Phenakistoscopes are one of the simplest forms of animation… a disk with slits and a series of images in a pie format. Phenakistoscopes have a black backing and are attached to a base so they can freely spin. The animation is viewed in a mirror through the slits in the back. Perhaps it is the simplicity that makes them seem so magical when they are set in motion.
For several years before having Lily, I made copper/wood/buffed concrete phenakistoscopes for the Ottawa International Animation Festival. The ferric chloride and cupric nitrate were just too toxic to continue while pregnant or with little ones around, but it sure was a fun project.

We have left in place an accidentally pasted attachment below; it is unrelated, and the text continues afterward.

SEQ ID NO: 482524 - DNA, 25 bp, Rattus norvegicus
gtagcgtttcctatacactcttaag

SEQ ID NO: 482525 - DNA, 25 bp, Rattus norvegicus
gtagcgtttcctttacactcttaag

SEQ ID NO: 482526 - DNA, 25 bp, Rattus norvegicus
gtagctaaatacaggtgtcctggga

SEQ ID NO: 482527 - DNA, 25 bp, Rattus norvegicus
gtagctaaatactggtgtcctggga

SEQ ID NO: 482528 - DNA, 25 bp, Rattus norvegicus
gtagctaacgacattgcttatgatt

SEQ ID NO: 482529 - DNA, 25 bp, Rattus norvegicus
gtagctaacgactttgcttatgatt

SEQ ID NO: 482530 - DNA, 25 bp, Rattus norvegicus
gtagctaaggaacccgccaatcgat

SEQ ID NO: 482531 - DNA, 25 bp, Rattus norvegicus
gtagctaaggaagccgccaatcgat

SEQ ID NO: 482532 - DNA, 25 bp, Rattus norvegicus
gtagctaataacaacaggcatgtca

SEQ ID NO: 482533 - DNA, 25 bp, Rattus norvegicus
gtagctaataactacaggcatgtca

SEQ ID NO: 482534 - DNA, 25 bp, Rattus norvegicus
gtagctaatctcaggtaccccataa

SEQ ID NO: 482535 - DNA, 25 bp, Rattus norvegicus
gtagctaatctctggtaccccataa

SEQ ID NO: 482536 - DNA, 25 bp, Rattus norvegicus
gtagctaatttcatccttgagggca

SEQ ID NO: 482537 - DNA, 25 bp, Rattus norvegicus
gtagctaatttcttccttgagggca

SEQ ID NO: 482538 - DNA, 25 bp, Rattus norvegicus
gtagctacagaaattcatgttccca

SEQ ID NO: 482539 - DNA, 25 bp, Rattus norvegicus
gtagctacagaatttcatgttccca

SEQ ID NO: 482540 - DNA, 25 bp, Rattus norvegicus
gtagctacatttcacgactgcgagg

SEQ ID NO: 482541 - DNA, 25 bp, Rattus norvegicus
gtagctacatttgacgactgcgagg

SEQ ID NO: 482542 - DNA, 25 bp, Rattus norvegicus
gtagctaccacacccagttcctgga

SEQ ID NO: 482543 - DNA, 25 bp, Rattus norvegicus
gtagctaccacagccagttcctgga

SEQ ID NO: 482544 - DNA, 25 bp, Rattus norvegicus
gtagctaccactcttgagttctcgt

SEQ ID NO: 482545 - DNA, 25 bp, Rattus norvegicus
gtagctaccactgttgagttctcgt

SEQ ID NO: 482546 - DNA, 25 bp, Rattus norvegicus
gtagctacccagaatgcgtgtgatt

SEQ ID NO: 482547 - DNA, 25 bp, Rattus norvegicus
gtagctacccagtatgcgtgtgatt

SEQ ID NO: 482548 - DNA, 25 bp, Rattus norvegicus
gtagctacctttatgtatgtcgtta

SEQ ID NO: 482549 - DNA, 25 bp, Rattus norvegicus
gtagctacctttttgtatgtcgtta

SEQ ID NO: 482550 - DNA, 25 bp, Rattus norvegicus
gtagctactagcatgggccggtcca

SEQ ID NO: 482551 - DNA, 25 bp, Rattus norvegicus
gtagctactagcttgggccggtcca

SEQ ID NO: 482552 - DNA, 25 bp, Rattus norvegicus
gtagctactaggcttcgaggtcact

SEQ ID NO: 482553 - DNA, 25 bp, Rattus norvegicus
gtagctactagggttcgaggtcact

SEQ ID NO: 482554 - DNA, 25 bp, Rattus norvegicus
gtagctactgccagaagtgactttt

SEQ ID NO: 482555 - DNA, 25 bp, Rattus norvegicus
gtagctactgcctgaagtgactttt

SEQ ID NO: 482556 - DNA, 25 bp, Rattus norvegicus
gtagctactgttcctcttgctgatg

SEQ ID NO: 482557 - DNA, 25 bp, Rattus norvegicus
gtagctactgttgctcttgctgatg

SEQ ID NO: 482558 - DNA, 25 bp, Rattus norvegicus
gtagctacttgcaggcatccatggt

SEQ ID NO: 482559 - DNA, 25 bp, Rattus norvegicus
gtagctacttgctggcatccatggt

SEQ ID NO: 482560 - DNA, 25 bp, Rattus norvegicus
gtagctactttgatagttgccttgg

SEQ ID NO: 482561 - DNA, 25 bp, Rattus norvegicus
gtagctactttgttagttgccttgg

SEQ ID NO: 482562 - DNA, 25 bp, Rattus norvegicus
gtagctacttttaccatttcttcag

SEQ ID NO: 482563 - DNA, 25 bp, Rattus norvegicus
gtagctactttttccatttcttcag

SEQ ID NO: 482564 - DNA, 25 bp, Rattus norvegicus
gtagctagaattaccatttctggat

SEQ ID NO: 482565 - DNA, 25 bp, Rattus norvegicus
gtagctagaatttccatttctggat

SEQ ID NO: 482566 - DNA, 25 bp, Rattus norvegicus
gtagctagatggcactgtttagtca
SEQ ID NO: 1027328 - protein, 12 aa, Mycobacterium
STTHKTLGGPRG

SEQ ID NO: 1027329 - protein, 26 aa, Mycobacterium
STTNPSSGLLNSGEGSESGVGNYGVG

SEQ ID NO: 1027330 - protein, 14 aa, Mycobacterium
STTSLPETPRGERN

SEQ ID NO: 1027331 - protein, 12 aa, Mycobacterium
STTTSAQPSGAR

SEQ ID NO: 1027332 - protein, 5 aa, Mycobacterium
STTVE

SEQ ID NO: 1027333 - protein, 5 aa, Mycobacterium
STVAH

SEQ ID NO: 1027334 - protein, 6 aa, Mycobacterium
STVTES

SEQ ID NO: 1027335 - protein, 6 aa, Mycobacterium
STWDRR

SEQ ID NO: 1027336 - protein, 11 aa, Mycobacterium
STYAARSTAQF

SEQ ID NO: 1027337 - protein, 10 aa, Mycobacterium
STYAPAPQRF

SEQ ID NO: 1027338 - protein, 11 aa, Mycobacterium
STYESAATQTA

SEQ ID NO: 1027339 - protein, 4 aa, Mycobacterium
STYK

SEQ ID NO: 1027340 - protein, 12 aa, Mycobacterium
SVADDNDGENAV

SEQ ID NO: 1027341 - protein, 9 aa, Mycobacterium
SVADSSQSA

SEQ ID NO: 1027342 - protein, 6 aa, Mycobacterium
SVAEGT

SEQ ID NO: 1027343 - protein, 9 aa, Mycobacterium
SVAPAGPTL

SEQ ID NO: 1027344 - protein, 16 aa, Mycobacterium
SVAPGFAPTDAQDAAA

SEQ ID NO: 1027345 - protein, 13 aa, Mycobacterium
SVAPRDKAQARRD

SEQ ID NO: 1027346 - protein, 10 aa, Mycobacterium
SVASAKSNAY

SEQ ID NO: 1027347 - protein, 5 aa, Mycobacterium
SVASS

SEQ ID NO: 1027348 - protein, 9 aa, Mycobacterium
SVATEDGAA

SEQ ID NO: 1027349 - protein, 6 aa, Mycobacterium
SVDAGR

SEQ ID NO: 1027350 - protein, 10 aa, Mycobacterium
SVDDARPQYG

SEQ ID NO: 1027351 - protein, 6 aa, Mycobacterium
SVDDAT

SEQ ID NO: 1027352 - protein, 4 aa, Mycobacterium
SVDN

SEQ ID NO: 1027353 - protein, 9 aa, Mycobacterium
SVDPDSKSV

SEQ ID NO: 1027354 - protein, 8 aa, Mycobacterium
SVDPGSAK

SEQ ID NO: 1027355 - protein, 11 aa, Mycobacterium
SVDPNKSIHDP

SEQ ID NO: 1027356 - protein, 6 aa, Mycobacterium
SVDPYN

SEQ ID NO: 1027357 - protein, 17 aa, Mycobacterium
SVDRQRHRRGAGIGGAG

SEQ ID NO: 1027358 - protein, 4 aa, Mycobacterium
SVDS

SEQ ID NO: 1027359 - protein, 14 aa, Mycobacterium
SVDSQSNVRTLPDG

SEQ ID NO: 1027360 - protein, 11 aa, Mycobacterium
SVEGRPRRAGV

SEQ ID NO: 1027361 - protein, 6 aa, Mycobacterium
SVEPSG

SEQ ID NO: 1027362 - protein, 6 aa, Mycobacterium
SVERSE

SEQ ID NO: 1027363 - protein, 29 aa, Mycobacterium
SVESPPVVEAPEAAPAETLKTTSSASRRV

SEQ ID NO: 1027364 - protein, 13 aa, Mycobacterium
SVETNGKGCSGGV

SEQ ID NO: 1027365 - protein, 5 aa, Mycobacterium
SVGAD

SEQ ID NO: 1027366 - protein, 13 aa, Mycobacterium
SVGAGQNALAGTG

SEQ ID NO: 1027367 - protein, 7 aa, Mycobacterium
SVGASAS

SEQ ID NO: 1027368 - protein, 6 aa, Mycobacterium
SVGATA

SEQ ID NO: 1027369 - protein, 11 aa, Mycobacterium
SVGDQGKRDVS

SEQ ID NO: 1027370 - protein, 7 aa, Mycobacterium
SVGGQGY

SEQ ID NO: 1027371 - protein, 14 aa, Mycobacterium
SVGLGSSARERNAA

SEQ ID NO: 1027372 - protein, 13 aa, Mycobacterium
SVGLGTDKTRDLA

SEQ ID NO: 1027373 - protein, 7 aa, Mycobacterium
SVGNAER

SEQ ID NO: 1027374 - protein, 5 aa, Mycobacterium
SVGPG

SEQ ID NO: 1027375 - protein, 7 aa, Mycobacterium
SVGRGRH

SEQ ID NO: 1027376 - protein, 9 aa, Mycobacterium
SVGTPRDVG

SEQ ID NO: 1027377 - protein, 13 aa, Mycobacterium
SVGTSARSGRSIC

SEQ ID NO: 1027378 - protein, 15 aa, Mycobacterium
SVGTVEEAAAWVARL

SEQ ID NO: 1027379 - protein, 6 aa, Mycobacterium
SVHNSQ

For some history on phenakistoscopes and to see other interesting paper objects visit Laura Hayes and John Howard Wileman’s Exhibit of Optical Toys here.
HOW TO MAKE ONE:
I’ve made these simple ones with kids. To make your own you can use one of the templates from a free animation software site (I haven’t checked to see if it is safe but I haven’t encountered problems myself): http://www.stopmotion-software.com/programs/Phenas&Slots6-16.pdf
Mount the sheet on black paper and cut it out. Draw slightly different images in each of the pie sections. Simple shapes getting bigger or changing colour work well. Pin a tack through the middle and into the eraser end of a pencil. Voila! Spin it infront of a mirror test it out. (10+)